Silver Spur damaged by fire; no injuries reported
CAVE CREEK – Fire broke out at the Silver Spur Saloon & Restaurant on the evening of June 21. No one was injured in the blaze, and firefighters were able to keep the fire from spreading to the surrounding buildings. The full extent of the damage has not yet been announced; on the Silver Spur’s Web site, it’s noted that the restaurant is closed until further notice.
In a June 22 message on their Facebook page, the Silver Spur posted: “The Silver Spur would like to thank everyone for the kind words & Cave Creek support. Also THANK YOU to the fire dept. They did an amazing job. Their work & efforts are keeping us positive during this time for minimal downtime. Please keep our employees in your thoughts and prayers as we find the next step to recovery. We will keep you posted as we know more.”
Shawn Gilleland, Public Information Officer for the Rural/Metro Fire Department, noted in an email interview that a fire was discovered in the attic of the Silver Spur, which could have been caused by the AC unit or the result of other electrical. He noted that initial reports from patron and witnesses, including the first fire crews to arrive, indicated smoke pushing in the restaurant from the AC vents.
“No one was injured during the fire,” Gilleland said. Gilleland added that it will be subject to the insurance adjuster to determine whether the building is a loss, but that in his opinion, the building is not a loss.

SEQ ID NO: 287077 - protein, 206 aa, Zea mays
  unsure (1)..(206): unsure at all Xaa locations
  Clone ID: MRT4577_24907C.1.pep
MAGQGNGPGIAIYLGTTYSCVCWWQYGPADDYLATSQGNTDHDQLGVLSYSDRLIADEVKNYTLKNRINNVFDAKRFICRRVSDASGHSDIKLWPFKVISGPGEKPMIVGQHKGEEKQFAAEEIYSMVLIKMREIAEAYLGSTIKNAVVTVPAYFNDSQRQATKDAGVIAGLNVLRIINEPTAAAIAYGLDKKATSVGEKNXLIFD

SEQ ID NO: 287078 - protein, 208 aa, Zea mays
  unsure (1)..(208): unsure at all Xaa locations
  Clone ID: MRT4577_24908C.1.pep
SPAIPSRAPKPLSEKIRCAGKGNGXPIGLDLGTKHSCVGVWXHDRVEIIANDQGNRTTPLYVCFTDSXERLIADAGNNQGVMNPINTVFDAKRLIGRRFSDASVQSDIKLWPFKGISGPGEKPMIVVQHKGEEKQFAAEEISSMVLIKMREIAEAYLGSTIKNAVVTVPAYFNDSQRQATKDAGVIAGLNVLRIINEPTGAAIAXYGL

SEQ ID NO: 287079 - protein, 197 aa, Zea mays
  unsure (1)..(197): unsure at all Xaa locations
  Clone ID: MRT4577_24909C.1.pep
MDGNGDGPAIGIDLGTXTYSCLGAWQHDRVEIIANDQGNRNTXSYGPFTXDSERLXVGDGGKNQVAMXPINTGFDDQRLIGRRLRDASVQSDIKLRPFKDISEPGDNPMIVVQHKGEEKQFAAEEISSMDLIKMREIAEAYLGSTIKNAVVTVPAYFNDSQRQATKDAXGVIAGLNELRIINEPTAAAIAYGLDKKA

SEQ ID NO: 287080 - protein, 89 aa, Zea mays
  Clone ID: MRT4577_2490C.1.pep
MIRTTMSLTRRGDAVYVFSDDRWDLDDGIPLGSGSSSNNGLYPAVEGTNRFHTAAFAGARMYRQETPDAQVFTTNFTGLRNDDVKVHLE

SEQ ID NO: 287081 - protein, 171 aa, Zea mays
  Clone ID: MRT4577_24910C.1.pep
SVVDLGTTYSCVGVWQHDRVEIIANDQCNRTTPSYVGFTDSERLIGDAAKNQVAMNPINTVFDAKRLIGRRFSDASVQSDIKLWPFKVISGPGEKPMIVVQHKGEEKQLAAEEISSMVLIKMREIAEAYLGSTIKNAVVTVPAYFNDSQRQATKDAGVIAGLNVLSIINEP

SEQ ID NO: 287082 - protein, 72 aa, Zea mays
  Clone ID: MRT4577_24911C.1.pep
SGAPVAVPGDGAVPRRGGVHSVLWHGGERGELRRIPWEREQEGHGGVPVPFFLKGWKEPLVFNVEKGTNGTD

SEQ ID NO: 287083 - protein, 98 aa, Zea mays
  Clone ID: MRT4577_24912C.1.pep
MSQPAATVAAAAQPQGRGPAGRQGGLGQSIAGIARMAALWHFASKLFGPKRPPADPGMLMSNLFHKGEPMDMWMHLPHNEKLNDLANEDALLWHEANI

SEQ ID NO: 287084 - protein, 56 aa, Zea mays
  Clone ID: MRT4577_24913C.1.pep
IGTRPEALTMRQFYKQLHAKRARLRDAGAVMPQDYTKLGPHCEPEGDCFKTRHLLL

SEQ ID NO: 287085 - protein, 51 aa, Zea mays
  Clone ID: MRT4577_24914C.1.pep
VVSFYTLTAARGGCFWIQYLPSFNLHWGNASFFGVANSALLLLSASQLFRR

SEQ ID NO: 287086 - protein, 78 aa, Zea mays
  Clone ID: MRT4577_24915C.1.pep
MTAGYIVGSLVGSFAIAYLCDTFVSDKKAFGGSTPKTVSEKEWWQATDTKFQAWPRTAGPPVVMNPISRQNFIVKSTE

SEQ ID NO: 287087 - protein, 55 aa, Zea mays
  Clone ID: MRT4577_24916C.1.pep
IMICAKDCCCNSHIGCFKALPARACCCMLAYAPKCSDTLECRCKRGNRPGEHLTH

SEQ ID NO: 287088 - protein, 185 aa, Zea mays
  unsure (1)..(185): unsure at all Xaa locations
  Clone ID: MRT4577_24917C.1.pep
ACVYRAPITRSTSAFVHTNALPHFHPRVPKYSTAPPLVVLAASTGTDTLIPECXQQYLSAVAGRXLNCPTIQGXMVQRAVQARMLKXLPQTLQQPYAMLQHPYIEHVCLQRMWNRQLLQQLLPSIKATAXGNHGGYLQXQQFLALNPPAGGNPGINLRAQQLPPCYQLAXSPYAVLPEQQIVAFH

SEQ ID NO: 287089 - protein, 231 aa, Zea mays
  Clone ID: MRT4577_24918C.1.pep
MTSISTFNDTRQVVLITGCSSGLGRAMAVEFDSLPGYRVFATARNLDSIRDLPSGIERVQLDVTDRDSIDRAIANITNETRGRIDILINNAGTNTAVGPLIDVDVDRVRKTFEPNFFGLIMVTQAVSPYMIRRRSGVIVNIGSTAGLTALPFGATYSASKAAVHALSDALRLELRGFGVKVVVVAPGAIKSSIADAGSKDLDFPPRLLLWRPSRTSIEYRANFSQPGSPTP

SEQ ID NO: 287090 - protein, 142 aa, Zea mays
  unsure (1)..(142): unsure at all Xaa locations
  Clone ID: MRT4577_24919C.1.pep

Thanks to the quick action and teamwork of Rural/Metro and Phoenix Fire and Scottsdale Fire, both of which came to assist Rural/Metro on the scene, the fire did not spread to another of the surrounding buildings. Battling fires becomes even more difficult in weather like the extreme heat of the last week; having multiple firefighters available to attack the fire is crucial to success in extinguishing the flames.
“This had the potential to destroy the entire Frontier Town, had it not been for the skillful teamwork of these firefighters,” Gilleland reported.
“Ultimately, the damage was isolated to the ceiling and roof in the main dining area of the restaurant,” Gilleland said. Asked about on-site fire prevention/detection equipment, Gilleland reported that the building had no sprinklers and that he did not know if smoke detectors were present.
Gilleland recommended that local residents have their AC units serviced to help find potentially flammable problems before a fire starts. During summer heat, the demand placed on AC units greatly increases, and Rural/Metro would strongly recommends that individuals and businesses have their AC unit serviced by a trained professional to make sure that all electrical components are working and to make sure the unit is clean and operating efficiently (less risk of overheating).
“At a minimum, inspect the unit yourself to ensure a rodent or bird has not created a nest in or around the unit, that flammable material is not stacked against the unit (blocking air flow or increasing the risk of fire), looking at wires to make sure they appear in good condition (no rodent chewing on them, fraying, cracks, or exposed wires),” Gilleland said. “Finally, do not over work your AC, setting the temperature even two degrees higher will save money and load on your AC. Businesses with old AC trying to cool large areas may consider adding an additional AC to lower the work load or replacing with a larger unit.”
Keep updated on the reconstruction work and reopening schedule of the Silver Spur by following